We are using XPR 4550's, XPR 6550's, and the Mototrbo XPR 8400 repeaters, we have had to increase external amplifier power approx 30 watts to a total of 120 Watts to keep the same talk range that we had on analog, but voice is very much clearer even in noisy enviroments and data is received with no problems.
 

JRayfield

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That is very strange that you lost range when going from analog to MOTOTRBO. Two different public safety agencies in our area did "on the air" tests, where their repeaters were swapped out for XPR8300 repeaters, and both agencies saw a big increase in range with digital as compared to analog (one XPR8300 was running in mixed mode and the other one was set up with an MTR2000, such that the 'package' was running in mixed mode, too. That way, the users could switch between analog and digital to get a good comparison of the difference). And I've spoken with other users of MOTOTRBO who told me that their range increased substantially when they switched to it, from analog.

To add to this, the 'engineering math' indicates that MOTOTRBO should have as much as a 6 to 8 db increase over analog narrowband, and this would translate into a 3db increase as compared to analog wideband. So, the 'math' seems to match the 'on the air' reports that I personally know about.

Are you on VHF or UHF? How much power output were you using on analog?

John Rayfield, Jr. CETma

John, we did notice reduced range when we went to digital as opposed to analogue on our radio system, Mototrbo, however we did not notice any difference with range in digital clear or in digital enhanced.
We are using XPR 4550's, XPR 6550's, and the Mototrbo XPR 8400 repeaters, we have had to increase external amplifier power approx 30 watts to a total of 120 Watts to keep the same talk range that we had on analog, but voice is very much clearer even in noisy enviroments and data is received with no problems.
 

Picard

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very interesting discussion here.. so does the digital enhanced privacy come stock on a xpr 6550 portable?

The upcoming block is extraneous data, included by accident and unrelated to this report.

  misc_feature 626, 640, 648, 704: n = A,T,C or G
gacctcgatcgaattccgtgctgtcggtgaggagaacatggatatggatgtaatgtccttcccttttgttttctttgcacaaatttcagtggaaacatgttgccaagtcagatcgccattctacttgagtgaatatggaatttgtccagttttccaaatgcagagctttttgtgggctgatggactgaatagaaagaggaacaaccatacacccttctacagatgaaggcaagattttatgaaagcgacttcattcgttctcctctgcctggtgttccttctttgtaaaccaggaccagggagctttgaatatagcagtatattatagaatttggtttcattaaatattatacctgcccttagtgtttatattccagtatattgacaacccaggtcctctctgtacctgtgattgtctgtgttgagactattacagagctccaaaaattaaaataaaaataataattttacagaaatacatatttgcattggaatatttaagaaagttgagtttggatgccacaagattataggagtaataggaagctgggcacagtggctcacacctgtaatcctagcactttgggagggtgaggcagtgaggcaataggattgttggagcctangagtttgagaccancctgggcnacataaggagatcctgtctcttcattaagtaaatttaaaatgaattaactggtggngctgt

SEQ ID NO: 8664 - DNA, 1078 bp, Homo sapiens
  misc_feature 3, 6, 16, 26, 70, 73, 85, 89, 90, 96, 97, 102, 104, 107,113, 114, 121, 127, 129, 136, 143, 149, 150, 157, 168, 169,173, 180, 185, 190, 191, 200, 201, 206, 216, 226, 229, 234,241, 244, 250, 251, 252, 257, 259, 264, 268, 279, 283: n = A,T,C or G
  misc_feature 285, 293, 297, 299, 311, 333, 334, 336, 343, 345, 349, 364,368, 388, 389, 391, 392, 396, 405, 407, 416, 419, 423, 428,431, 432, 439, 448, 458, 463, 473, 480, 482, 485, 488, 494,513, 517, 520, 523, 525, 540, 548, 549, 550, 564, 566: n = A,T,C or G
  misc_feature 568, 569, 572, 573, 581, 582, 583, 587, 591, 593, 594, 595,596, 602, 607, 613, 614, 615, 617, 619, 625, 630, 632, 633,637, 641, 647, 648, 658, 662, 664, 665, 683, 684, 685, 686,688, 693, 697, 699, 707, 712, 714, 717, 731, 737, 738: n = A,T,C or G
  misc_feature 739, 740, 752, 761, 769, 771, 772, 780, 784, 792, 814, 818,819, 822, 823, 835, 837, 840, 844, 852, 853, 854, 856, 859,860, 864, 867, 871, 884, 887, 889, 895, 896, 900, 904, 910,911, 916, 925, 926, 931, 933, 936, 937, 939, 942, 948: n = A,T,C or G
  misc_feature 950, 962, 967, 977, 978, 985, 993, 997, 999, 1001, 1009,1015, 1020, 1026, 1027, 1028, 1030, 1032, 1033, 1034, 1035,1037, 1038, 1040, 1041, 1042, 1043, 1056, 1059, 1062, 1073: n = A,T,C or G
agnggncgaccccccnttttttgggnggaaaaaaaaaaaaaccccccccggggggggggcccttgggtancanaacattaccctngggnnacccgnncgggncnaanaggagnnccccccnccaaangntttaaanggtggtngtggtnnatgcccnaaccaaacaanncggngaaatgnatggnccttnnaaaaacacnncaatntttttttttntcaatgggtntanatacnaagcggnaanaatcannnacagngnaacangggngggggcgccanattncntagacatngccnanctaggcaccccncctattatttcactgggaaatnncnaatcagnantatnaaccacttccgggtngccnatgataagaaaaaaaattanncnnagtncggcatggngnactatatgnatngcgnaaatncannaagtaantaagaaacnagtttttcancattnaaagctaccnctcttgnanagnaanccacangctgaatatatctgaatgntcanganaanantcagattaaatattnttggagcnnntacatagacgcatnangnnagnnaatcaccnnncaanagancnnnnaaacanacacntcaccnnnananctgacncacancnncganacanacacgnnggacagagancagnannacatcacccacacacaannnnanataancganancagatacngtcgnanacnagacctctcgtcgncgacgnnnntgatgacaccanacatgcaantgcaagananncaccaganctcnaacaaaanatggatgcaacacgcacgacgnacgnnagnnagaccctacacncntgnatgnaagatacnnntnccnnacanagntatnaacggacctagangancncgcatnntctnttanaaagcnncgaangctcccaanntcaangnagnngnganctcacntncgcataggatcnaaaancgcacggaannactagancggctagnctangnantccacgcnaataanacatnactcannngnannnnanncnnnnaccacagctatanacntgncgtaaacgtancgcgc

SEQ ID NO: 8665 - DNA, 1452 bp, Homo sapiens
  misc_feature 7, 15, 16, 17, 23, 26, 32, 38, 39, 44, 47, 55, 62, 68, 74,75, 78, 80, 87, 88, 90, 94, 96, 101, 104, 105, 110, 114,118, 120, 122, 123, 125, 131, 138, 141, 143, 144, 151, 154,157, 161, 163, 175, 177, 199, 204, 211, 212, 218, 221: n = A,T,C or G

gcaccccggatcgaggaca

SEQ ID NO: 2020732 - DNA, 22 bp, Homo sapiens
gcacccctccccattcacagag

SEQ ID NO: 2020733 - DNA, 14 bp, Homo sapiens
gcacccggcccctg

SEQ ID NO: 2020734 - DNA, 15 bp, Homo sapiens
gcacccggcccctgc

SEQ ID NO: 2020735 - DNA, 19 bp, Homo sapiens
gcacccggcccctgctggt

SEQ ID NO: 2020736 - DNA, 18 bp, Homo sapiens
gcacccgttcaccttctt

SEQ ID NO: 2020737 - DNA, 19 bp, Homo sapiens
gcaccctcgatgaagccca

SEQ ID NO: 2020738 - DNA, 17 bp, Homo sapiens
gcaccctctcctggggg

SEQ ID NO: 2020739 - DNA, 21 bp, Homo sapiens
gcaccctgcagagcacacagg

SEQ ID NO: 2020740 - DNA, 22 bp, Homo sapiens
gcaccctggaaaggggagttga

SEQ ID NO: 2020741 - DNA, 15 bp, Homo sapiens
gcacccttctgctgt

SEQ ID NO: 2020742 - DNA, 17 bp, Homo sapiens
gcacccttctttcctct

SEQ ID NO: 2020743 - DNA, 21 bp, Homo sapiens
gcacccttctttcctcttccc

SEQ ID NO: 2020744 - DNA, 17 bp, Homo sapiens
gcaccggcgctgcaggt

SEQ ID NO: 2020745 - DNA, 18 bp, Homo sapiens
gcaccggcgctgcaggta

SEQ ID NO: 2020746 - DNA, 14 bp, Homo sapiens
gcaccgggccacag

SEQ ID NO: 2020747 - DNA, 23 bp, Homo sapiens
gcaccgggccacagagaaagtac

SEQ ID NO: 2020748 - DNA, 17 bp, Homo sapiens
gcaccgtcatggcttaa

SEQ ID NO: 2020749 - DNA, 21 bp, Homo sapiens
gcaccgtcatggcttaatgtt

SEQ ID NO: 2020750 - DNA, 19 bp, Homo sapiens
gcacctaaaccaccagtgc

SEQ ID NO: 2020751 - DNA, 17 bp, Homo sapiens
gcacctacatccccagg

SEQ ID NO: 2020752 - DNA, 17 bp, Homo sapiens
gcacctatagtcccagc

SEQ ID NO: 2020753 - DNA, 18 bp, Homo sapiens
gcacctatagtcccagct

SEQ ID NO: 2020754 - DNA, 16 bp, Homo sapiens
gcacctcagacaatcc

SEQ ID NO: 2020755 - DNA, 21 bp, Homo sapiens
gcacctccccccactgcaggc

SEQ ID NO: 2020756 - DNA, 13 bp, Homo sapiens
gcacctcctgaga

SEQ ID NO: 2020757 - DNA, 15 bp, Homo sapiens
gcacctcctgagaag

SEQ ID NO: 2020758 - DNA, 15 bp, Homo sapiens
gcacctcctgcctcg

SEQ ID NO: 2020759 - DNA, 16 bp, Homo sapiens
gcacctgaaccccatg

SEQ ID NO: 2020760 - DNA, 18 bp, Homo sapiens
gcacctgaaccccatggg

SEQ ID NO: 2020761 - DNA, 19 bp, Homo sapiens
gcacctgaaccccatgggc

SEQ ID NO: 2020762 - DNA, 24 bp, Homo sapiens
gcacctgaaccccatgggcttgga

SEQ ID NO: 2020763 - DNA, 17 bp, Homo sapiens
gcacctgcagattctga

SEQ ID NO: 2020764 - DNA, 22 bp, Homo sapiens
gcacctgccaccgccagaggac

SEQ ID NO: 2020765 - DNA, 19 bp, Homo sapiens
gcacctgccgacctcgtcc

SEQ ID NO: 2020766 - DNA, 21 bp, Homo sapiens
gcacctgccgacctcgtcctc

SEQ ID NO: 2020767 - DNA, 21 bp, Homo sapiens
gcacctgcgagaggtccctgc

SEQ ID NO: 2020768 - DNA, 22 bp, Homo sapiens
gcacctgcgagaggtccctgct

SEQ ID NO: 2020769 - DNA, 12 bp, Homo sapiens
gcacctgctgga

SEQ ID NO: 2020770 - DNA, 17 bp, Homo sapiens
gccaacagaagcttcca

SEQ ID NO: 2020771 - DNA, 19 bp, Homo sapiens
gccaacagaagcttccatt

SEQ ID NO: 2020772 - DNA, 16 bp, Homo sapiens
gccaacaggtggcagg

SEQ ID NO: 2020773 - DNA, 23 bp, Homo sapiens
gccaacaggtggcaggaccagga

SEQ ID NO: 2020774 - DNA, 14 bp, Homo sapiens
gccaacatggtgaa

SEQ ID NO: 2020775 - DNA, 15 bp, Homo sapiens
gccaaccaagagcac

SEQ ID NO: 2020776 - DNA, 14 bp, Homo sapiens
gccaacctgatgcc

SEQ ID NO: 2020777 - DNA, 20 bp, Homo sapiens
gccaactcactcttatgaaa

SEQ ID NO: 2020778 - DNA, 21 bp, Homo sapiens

exkalibur

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Yes, it does.

All forms of digital encryption will reduce your range slightly. Not quite sure why, but that's what users are reporting and it seems Motorola has finally begun to admit it.
 

N4CYA

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very interesting discussion here.. so does the digital enhanced privacy come stock on a xpr 6550 portable?
Yes, It's located in the Motorola CPS programming for the 6500 series XPR radios.
 

Forts

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Motorola also admits (I think it's in the system planner) that voice quality will take a slight hit when using Enhanced Privacy vs Basic Privacy. Something to do with the way the packets are formatted when using Enhanced Privacy. Whether or not anyone would actually notice a difference I don't know.
 

jackel0228

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Motorola also admits (I think it's in the system planner) that voice quality will take a slight hit when using Enhanced Privacy vs Basic Privacy. Something to do with the way the packets are formatted when using Enhanced Privacy. Whether or not anyone would actually notice a difference I don't know.
There's also a mention of a slight delay in the voice transmission. So where did we land on the "security" of the enhanced privacy on trbo?

Sent from my SAMSUNG-SM-G891A using Tapatalk
 

mattimac

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There's also a mention of a slight delay in the voice transmission. So where did we land on the "security" of the enhanced privacy on trbo?

Sent from my SAMSUNG-SM-G891A using Tapatalk
That is true, some bits that were used to code the speech are needed for encryption.

DMRA ARC4 40-bit encryption
(motorola calls it enhanced privacy, hytera Full encrypt 40 bit) is very weak. That is beacause our goverment agencies do not like when we as citiziens have privacy. When you want to buy AES encryption for your dmr radio here in EU you have to have permission to import this technology from national agency of internal security.
It is treated as you would like to import weaponry.
 

Mars_P25

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DMRA ARC4 40-bit encryption
(motorola calls it enhanced privacy, hytera Full encrypt 40 bit) is very weak. That is beacause our goverment agencies do not like when we as citiziens have privacy. When you want to buy AES encryption for your dmr radio here in EU you have to have permission to import this technology from national agency of internal security.
It is treated as you would like to import weaponry.
There's a whole lot of stupid when it comes to encryption, within government circles.

First, "AES" encryption, is not encryption. It's the name of a standard, of which includes an algorithm (Rijndael), created by two Belgian cryptographers, Vincent Rijmen and Joan Daemen. The Rijnael algorithm is open and available to anyone who wants to use it.

In 2001, the American National Institute of Standards and Technology (NIST) selected Rijndael as the Advanced Encryption Standard (AES). In other words, AES is not the property of the American government, even though they claim "It's secretive American encryption".

On top of this nonsense, the NIST stated in the AES standard (FIPS 197) the technology may be used by anyone.